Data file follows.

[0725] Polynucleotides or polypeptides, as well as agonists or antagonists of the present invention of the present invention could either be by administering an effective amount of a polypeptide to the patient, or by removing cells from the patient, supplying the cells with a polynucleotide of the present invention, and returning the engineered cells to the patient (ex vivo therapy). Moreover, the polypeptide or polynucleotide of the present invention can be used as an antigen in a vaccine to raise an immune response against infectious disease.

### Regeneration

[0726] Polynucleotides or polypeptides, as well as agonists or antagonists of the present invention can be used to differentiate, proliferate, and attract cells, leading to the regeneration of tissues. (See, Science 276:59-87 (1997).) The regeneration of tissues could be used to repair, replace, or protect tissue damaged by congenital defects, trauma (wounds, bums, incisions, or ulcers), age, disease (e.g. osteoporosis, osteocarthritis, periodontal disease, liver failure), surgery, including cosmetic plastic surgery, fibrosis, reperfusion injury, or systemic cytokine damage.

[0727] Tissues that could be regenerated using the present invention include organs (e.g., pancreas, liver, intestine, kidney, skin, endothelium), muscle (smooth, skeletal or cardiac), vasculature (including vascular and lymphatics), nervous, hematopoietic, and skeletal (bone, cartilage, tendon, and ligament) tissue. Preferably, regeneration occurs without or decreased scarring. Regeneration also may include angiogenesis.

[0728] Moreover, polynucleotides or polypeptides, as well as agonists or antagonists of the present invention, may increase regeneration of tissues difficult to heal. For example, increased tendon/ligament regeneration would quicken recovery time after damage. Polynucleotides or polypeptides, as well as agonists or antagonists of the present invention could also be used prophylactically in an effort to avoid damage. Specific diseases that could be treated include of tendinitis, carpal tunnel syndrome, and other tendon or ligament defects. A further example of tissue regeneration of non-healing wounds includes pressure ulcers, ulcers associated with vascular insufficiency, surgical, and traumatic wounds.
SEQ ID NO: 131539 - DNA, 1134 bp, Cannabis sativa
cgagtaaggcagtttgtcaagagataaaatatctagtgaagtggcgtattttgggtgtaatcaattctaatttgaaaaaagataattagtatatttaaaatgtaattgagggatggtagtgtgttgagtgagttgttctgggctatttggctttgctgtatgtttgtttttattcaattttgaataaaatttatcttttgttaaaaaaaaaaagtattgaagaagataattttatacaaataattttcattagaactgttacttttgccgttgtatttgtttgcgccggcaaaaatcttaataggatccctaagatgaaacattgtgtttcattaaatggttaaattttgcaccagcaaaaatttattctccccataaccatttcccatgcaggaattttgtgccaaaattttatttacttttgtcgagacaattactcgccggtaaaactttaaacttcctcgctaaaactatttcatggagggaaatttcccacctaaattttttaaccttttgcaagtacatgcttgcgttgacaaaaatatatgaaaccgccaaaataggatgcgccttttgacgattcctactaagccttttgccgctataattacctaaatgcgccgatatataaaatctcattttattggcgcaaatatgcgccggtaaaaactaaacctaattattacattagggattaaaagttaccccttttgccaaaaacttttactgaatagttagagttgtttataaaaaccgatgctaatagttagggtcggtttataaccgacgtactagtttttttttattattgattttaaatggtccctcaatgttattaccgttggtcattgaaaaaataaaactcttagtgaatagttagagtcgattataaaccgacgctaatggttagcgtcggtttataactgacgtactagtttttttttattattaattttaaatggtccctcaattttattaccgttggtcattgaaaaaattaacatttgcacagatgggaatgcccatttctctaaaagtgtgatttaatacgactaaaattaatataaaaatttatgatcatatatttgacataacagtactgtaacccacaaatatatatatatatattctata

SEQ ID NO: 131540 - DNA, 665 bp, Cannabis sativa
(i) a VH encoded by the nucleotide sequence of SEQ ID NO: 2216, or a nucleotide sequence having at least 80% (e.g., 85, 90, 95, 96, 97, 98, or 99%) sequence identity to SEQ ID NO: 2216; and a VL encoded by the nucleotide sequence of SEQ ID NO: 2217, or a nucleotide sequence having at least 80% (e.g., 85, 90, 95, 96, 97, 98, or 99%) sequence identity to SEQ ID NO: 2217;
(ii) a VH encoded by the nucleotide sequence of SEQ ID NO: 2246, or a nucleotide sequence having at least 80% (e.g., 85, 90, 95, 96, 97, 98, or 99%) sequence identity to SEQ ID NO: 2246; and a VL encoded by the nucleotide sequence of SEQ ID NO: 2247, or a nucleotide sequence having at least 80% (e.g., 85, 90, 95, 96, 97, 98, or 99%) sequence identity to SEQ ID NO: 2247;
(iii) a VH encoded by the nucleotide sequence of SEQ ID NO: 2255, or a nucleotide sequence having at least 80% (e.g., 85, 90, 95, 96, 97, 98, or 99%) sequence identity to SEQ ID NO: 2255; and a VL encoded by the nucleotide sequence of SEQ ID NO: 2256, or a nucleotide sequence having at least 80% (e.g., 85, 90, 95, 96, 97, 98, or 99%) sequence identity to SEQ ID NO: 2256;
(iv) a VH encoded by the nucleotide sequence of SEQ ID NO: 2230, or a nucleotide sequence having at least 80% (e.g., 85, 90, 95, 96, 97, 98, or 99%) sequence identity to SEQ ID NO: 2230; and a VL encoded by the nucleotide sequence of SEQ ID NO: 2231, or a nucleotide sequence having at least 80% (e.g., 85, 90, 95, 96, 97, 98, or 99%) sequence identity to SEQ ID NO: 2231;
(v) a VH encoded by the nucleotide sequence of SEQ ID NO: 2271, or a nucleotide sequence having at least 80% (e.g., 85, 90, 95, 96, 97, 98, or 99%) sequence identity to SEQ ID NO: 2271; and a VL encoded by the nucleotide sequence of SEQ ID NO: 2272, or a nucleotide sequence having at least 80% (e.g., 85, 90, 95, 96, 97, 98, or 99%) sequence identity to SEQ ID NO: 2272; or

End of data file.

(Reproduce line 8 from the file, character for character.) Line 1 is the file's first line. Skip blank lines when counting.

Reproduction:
SEQ ID NO: 131540 - DNA, 665 bp, Cannabis sativa